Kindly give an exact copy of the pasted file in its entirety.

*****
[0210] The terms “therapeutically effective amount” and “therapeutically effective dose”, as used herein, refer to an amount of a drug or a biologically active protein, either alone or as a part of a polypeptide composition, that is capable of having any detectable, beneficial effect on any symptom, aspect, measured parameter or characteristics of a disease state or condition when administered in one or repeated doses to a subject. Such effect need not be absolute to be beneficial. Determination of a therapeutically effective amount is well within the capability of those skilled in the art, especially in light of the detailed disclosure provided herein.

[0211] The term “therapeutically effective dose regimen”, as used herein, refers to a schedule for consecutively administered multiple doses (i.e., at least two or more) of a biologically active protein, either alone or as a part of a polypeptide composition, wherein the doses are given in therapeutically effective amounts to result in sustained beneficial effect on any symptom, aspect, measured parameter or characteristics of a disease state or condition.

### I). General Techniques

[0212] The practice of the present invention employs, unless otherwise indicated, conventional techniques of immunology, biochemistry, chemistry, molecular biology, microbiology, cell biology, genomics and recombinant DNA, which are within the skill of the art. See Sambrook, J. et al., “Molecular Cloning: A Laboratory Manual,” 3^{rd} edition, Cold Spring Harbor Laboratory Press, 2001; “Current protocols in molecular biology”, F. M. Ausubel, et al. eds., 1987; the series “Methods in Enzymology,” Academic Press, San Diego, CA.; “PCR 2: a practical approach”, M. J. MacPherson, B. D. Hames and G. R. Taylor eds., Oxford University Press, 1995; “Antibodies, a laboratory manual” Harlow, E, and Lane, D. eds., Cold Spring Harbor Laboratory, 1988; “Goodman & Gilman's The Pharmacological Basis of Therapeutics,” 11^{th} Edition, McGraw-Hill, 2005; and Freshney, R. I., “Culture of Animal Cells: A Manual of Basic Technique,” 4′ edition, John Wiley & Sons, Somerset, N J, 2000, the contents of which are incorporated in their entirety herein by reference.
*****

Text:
[0210] The terms “therapeutically effective amount” and “therapeutically effective dose”, as used herein, refer to an amount of a drug or a biologically active protein, either alone or as a part of a polypeptide composition, that is capable of having any detectable, beneficial effect on any symptom, aspect, measured parameter or characteristics of a disease state or condition when administered in one or repeated doses to a subject. Such effect need not be absolute to be beneficial. Determination of a therapeutically effective amount is well within the capability of those skilled in the art, especially in light of the detailed disclosure provided herein.

[0211] The term “therapeutically effective dose regimen”, as used herein, refers to a schedule for consecutively administered multiple doses (i.e., at least two or more) of a biologically active protein, either alone or as a part of a polypeptide composition, wherein the doses are given in therapeutically effective amounts to result in sustained beneficial effect on any symptom, aspect, measured parameter or characteristics of a disease state or condition.

### I). General Techniques

[0212] The practice of the present invention employs, unless otherwise indicated, conventional techniques of immunology, biochemistry, chemistry, molecular biology, microbiology, cell biology, genomics and recombinant DNA, which are within the skill of the art. See Sambrook, J. et al., “Molecular Cloning: A Laboratory Manual,” 3^{rd} edition, Cold Spring Harbor Laboratory Press, 2001; “Current protocols in molecular biology”, F. M. Ausubel, et al. eds., 1987; the series “Methods in Enzymology,” Academic Press, San Diego, CA.; “PCR 2: a practical approach”, M. J. MacPherson, B. D. Hames and G. R. Taylor eds., Oxford University Press, 1995; “Antibodies, a laboratory manual” Harlow, E, and Lane, D. eds., Cold Spring Harbor Laboratory, 1988; “Goodman & Gilman's The Pharmacological Basis of Therapeutics,” 11^{th} Edition, McGraw-Hill, 2005; and Freshney, R. I., “Culture of Animal Cells: A Manual of Basic Technique,” 4′ edition, John Wiley & Sons, Somerset, N J, 2000, the contents of which are incorporated in their entirety herein by reference.